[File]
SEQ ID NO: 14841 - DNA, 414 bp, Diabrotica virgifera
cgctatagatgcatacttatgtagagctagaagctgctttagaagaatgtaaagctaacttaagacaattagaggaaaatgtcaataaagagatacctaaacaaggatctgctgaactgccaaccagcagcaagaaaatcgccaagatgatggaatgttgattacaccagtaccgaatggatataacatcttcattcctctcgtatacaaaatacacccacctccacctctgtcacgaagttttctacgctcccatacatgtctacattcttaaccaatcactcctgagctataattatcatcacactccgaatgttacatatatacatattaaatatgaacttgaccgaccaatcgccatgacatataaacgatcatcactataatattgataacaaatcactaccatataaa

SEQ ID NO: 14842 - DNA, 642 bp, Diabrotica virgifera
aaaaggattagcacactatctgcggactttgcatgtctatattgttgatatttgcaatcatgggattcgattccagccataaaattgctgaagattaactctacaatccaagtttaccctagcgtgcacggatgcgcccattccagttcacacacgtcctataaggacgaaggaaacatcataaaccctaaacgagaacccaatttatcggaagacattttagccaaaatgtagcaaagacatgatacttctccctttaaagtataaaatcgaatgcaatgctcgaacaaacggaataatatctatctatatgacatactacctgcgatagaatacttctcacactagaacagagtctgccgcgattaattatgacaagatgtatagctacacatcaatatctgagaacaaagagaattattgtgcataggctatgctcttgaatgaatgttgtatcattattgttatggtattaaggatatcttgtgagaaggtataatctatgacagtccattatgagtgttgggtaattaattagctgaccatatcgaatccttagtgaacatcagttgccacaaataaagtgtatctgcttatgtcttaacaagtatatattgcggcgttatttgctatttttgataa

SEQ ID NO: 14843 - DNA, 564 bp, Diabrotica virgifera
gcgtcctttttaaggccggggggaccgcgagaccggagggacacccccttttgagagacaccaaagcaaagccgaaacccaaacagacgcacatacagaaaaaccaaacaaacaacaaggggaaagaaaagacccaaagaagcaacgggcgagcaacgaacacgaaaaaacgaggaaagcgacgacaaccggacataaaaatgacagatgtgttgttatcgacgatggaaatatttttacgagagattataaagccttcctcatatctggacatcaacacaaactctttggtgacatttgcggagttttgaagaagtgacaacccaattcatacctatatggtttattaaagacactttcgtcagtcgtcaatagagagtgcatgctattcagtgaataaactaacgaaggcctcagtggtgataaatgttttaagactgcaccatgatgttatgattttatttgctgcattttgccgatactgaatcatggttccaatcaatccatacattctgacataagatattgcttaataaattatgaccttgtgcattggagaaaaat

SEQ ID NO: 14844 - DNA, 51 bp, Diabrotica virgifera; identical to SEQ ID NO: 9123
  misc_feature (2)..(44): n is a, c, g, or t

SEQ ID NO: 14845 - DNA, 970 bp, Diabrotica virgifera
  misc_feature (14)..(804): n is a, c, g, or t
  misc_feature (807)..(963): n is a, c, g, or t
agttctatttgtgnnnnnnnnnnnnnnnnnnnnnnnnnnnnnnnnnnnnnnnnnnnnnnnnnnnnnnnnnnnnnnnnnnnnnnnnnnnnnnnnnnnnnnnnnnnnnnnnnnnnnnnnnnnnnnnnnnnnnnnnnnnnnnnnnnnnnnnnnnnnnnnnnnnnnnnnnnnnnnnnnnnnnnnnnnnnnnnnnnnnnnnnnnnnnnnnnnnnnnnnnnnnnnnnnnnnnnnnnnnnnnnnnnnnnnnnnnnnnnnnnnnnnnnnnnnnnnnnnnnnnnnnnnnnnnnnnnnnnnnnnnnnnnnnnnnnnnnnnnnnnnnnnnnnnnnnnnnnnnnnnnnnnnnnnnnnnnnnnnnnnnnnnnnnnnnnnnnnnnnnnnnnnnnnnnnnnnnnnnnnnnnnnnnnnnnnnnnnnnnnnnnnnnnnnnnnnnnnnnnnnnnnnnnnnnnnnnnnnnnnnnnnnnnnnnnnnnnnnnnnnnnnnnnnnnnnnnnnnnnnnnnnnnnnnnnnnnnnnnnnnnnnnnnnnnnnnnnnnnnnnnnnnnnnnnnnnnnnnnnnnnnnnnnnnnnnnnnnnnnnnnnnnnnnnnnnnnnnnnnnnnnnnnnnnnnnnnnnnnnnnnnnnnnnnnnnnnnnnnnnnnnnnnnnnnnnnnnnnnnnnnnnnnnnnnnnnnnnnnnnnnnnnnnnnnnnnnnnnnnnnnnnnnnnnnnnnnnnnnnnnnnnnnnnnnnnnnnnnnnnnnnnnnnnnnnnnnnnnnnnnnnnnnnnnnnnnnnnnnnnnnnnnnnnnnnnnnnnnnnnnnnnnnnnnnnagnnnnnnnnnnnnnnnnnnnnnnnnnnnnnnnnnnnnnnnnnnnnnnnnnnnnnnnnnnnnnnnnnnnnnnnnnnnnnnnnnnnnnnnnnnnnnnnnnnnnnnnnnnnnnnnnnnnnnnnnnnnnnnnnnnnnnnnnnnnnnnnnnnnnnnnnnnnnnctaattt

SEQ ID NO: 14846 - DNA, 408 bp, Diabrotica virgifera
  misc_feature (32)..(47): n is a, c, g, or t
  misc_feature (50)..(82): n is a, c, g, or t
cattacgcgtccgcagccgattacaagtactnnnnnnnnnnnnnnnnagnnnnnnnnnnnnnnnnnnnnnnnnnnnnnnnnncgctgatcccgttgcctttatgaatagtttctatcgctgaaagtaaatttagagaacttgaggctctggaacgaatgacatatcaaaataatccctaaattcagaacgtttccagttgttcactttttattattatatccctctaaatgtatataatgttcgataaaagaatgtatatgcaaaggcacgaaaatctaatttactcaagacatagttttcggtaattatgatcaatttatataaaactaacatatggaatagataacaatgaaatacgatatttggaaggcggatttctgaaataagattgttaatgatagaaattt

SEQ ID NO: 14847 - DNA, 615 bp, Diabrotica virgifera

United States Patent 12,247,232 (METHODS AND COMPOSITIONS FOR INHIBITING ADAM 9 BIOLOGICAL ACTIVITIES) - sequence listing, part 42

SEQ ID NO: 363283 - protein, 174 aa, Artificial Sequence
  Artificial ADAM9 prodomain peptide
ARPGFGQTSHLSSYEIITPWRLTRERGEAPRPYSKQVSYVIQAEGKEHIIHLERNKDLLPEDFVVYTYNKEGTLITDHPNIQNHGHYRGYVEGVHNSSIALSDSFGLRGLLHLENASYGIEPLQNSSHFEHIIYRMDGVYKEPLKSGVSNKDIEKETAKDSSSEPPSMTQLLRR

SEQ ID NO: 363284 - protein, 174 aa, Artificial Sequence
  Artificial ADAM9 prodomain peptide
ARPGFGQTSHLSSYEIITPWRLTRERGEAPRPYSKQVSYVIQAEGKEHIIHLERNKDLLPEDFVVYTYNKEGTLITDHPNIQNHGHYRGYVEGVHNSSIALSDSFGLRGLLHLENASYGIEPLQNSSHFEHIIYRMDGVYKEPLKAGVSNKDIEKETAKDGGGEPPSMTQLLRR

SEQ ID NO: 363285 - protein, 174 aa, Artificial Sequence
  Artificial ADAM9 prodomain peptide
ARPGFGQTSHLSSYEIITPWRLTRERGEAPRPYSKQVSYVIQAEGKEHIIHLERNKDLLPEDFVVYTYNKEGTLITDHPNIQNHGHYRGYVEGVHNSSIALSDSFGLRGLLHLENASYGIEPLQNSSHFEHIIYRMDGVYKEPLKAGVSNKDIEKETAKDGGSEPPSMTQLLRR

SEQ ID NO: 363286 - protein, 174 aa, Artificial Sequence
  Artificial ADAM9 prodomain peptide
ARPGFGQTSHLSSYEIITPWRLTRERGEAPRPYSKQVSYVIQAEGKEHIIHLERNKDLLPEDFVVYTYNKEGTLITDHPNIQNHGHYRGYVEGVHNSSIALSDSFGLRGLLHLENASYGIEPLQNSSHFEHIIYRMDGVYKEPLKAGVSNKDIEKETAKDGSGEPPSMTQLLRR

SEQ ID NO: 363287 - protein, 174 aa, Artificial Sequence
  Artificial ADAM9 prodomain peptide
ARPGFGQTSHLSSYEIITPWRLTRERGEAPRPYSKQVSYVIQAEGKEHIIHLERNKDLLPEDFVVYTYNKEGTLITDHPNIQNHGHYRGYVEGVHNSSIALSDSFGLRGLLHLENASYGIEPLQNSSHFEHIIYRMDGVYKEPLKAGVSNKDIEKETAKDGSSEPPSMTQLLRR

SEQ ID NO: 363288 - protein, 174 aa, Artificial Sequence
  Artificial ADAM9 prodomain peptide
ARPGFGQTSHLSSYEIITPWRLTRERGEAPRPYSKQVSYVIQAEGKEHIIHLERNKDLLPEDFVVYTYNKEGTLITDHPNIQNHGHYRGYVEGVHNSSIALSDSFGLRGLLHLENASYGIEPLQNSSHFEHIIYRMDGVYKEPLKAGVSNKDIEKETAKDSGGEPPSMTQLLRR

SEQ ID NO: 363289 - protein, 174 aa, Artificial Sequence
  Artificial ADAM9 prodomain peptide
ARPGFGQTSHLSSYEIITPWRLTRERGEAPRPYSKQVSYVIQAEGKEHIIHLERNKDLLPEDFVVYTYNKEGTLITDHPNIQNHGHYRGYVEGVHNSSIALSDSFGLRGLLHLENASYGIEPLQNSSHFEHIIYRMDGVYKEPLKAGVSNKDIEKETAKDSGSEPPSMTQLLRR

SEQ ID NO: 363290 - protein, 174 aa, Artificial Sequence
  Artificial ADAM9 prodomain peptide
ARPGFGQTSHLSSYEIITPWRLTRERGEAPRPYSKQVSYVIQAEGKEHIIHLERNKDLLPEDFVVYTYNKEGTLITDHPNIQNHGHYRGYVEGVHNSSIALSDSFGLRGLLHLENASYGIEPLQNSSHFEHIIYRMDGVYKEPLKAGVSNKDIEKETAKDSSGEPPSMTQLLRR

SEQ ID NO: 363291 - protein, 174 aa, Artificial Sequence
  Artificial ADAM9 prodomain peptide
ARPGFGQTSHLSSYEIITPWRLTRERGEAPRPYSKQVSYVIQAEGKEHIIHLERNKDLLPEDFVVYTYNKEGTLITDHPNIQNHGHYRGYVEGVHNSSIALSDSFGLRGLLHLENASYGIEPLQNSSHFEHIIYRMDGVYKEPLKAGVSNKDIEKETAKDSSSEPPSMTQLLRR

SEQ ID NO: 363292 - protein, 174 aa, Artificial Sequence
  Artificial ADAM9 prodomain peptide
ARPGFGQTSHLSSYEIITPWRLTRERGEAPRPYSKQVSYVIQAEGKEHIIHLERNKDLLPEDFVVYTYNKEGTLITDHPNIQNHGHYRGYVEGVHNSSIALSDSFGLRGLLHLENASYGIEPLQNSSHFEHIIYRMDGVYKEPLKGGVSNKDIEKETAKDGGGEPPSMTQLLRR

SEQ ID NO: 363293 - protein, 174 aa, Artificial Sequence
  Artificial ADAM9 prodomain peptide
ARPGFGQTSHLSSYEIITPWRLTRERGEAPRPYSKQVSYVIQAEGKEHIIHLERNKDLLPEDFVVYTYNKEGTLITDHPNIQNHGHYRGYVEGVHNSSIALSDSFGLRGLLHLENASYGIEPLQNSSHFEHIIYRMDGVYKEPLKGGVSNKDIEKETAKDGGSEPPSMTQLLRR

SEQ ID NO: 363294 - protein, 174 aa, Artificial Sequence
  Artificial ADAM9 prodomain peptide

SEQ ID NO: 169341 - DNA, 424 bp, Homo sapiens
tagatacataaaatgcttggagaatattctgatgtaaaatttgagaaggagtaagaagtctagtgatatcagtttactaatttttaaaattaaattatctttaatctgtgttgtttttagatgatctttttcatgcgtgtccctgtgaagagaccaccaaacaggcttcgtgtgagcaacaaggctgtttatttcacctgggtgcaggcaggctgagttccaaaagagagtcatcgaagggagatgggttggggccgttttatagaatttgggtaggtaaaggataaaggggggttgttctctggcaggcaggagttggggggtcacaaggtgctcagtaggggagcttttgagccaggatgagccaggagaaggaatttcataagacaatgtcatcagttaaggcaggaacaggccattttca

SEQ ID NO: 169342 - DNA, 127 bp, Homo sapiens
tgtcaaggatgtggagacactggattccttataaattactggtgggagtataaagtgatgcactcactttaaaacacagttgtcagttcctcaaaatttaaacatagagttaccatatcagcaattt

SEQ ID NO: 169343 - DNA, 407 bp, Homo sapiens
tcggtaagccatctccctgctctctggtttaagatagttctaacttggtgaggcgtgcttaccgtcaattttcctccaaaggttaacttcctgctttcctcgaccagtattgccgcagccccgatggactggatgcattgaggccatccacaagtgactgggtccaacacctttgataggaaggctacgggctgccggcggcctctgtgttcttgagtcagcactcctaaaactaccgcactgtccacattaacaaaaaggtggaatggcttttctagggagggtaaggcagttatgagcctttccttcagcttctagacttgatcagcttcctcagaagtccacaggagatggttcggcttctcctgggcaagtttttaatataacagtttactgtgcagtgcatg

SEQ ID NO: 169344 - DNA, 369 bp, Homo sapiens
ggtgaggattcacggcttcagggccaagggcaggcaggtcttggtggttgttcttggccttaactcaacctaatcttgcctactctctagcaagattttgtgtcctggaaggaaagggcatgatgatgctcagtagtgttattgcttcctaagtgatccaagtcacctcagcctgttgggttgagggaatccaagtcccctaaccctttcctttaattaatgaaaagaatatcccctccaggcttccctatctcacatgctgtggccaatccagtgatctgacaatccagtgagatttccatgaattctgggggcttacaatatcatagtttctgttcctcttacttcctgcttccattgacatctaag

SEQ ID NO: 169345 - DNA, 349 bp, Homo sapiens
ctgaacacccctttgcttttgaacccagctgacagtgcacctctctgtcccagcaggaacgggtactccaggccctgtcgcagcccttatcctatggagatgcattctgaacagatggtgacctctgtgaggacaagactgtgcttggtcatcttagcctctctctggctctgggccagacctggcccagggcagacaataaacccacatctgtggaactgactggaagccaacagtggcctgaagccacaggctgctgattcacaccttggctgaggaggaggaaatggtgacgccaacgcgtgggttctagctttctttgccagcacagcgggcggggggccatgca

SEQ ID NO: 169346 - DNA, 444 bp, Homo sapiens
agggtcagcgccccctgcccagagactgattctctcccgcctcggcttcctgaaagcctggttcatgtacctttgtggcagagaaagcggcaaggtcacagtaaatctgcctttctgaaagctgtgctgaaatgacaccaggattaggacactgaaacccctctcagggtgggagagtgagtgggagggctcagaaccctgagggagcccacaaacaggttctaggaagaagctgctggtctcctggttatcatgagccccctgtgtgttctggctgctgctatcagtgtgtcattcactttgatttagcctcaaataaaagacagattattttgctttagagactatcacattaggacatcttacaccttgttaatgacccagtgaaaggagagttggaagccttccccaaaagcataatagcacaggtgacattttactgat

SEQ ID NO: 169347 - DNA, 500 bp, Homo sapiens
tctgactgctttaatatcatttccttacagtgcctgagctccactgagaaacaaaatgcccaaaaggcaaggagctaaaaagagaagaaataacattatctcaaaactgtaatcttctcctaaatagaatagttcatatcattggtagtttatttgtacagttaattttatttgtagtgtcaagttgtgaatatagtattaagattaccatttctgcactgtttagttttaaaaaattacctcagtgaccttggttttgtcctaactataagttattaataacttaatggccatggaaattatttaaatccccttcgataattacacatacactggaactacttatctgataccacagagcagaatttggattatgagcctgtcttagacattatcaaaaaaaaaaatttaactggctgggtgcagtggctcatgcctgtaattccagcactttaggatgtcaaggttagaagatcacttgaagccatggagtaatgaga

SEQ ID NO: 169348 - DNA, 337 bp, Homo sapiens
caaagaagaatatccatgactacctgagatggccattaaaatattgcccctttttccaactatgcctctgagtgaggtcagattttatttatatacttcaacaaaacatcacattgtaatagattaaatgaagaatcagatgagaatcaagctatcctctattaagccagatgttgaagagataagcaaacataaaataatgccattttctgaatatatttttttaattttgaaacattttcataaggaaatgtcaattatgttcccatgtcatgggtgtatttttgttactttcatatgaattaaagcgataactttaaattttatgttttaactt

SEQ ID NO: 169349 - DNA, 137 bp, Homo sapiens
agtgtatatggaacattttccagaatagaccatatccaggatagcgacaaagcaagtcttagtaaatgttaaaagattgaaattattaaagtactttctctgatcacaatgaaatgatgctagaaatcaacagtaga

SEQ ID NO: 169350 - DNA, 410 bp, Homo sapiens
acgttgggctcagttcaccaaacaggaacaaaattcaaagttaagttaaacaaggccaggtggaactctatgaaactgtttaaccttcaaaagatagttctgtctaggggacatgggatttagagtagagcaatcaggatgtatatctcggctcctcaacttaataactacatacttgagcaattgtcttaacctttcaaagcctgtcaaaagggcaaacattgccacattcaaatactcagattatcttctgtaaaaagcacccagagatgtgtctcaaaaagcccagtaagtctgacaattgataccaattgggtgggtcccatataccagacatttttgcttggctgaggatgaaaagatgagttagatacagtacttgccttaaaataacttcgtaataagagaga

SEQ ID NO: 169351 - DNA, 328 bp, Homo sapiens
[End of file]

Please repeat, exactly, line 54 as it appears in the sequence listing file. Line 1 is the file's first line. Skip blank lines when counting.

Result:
SEQ ID NO: 169341 - DNA, 424 bp, Homo sapiens